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Beaujolais Nouveau 2010 – Live Blog

November 19, 2010 Leave a comment Go to comments

What’s up with the “live blog”? No, I don’t plan to show the live recording in the Gary V. style (for those unfamiliar with Gary V. – please go to the Wine Library TV site, I promise you will enjoy it). For all of my posts so far, I don’t write them at the same time as I taste the wine or visiting the restaurant. Yes, I might take some notes, but all of the writing is still done later on, mostly based on the memory (yes, I make an effort to memorize the experience).

However, today is a special day for many wine lovers across the globe. In the 1970s, the tradition started in France, in the appellation called Beaujolais, to celebrate the first wine produced from the harvest of the same year. What was French national event in the 1970s, now became a world-wide celebration, which always takes place on the third Thursday in November, and today is the day.

Beaujolais red wines are made from the grape called Gamay, and the wines are produced in the style of the neighboring Burgundy (which are made from Pinot Noir), but typically are lighter and don’t age that well.

When it comes to the Beaujolais Nouveau, this wine is made in 6 weeks after the harvest, so it is really light and fruity wine which is not supposed to age (should be consumed by May of the following year). Also, similar to the Pinot Noir wines, Beaujolais wines should be served slightly chilled (about 55F).

Therefore, considering such a special day, I’m writing this blog as I actually try the wines, starting with opening of the bottles – and this is why I called this blog “live”. I can also tell you that last year, even before I tried the wines from 2009, I read somewhere that they supposed to be very good wines, so I was already influenced as I was trying the wines (read my previous post if you are curious why is that). This year, I have no expectations whatsoever, except the knowledge that these are young wines and they will taste accordingly to the very young age.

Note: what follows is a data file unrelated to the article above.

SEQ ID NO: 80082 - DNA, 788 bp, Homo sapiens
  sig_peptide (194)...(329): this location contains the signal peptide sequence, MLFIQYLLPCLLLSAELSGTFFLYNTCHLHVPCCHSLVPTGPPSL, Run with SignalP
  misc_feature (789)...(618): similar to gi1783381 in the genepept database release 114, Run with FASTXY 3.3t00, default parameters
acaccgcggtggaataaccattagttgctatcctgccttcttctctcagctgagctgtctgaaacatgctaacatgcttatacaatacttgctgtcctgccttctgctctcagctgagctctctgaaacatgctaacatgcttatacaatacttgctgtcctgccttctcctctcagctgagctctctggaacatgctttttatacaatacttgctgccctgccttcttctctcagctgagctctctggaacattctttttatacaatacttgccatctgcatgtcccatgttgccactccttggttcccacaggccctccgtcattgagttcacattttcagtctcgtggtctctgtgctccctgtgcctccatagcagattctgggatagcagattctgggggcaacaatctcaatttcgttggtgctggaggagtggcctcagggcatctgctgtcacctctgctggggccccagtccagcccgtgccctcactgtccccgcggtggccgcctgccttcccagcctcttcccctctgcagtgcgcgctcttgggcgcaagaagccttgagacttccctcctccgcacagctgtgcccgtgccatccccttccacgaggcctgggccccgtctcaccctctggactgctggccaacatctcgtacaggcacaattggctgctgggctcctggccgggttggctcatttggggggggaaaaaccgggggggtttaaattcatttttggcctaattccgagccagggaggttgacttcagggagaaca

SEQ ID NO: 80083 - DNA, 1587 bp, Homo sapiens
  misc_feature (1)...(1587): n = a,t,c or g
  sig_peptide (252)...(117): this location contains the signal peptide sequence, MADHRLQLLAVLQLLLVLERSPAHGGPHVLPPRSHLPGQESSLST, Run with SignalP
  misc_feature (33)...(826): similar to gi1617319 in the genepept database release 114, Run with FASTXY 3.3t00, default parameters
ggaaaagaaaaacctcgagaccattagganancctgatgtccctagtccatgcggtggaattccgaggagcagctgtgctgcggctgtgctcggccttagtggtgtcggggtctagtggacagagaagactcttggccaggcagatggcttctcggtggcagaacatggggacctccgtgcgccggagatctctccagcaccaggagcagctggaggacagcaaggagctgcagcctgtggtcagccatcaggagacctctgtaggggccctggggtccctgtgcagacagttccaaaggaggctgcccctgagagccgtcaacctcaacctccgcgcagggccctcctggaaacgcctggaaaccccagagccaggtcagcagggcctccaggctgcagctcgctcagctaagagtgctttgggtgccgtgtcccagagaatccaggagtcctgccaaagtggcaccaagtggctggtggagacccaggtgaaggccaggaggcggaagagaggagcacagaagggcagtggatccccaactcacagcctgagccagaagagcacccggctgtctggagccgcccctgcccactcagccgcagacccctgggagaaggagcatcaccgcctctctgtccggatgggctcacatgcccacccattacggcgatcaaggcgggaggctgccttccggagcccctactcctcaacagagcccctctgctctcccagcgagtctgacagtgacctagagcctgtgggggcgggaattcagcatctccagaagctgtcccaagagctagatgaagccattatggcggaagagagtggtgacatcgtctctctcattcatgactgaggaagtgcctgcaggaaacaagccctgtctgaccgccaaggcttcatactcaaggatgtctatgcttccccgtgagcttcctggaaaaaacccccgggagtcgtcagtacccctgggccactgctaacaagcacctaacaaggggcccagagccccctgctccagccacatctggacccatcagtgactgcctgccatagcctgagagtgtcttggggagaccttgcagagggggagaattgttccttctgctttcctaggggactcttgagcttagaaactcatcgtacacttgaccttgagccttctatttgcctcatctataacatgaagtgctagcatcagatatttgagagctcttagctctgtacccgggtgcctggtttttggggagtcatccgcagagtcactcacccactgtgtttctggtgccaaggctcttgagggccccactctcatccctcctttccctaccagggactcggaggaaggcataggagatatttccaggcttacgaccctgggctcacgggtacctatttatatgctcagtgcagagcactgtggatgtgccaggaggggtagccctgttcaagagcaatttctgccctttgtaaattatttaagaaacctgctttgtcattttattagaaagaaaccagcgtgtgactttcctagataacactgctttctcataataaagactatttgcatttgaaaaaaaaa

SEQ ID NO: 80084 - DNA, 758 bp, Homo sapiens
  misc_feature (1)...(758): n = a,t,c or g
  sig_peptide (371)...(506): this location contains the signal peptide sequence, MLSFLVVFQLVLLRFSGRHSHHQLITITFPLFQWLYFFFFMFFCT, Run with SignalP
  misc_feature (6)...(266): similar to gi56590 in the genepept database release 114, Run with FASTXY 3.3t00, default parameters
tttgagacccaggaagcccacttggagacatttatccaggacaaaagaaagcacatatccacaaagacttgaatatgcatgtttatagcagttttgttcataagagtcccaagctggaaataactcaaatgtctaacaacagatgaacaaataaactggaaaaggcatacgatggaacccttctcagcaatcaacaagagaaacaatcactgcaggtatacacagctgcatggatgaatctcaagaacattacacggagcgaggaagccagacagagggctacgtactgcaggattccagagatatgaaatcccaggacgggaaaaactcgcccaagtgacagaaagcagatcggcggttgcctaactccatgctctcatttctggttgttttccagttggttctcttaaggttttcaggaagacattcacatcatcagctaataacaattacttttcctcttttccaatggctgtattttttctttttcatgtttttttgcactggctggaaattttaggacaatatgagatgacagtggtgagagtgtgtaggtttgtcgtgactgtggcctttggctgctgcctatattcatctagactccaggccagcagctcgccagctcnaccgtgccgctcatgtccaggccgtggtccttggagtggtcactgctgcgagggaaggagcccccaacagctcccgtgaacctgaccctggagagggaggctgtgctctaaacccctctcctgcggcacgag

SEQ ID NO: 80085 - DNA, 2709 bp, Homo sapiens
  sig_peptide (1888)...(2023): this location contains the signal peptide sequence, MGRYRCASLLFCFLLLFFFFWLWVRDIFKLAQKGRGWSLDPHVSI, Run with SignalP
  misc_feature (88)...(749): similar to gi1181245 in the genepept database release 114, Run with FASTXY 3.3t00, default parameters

I decided to try Beaujolais Nouveau from two very famous French producers – Georges Duboeuf and Joseph Drouhin. First producer, Joseph Drouhin used regular cork, and Duboeuf used synthetic one, both corks  specifically imprinted for 2010 Beaujolais Nouveau. From the moment the bottles opened, Joseph Drouhin exhibited tremendous aroma of a fresh grape coming strongly right from the bottle, and for Duboeuf the same aroma was also noticeable, but less prominent. From here on, lets diverge and talk about two wines separately.

Georges Duboeuf. Beautiful very intense dark garnet color. Nose is very solid, doesn’t have any off flavors which are common with very young wines. Cherries and raspberries are noticeable on the nose. With the first sip comes first surprise – the wine has very noticeable tannins. I don’t remember ever tasting the tannins in the Beaujolais Nouveau wines – wonder if this is the style of Duboeuf, but in any case that was a surprise – rather good on, however. In addition to the cherries I can pick up some plums on the palate, all complimented by good acidity. This wine can be perfectly enjoyed by itself, but will also also work very nicely with the wide range of lighter dishes or mild cheese. Considering the price of about $10 per bottle, this wine has great QPR.

Joseph Drouhin. The color is nearly identical – nice deep garnet. Nose is similar to Duboeuf, again without any off flavors. In addition to cherries I would say that there is a hint of strawberries, and again to my surprise, I would probably add a hint of white pepper to that bouquet, which is not something I would typically associate with Gamay grape. On the palate, I would dare to say that this wine has more flavor. I practically don’t pickup any tannins, but instead there is a great amount of nice supple fruit (again, cherries, plums, raspberries) and very refreshing acidity – oops, and now tannins are coming in approximately 30-40 seconds after the sip of wine. Wow! If the first wine was good, this one is even better – and again, amazing QPR at $11/bottle.

Well, what can I tell you? There is general sentiment among wine industry professionals that quality of the wines is becoming better and better every year. Tasting these two wines today, I can not agree more. I clearly remember a number of years ago tasting Beaujolais Nouveau with only one after thought – “please, I don’t want to ever touch this wine again, and… is it okay to pour the rest of this bottle down the drain?”. My experience this year is totally different. This wines are excellent, and if you didn’t do it yet, you have to go and buy a few bottles… and enjoy! In terms of drinkability, I would rate Duboeuf at 8-, and Drouhin at 8. And, yes, I know it is late, but I need another glass…

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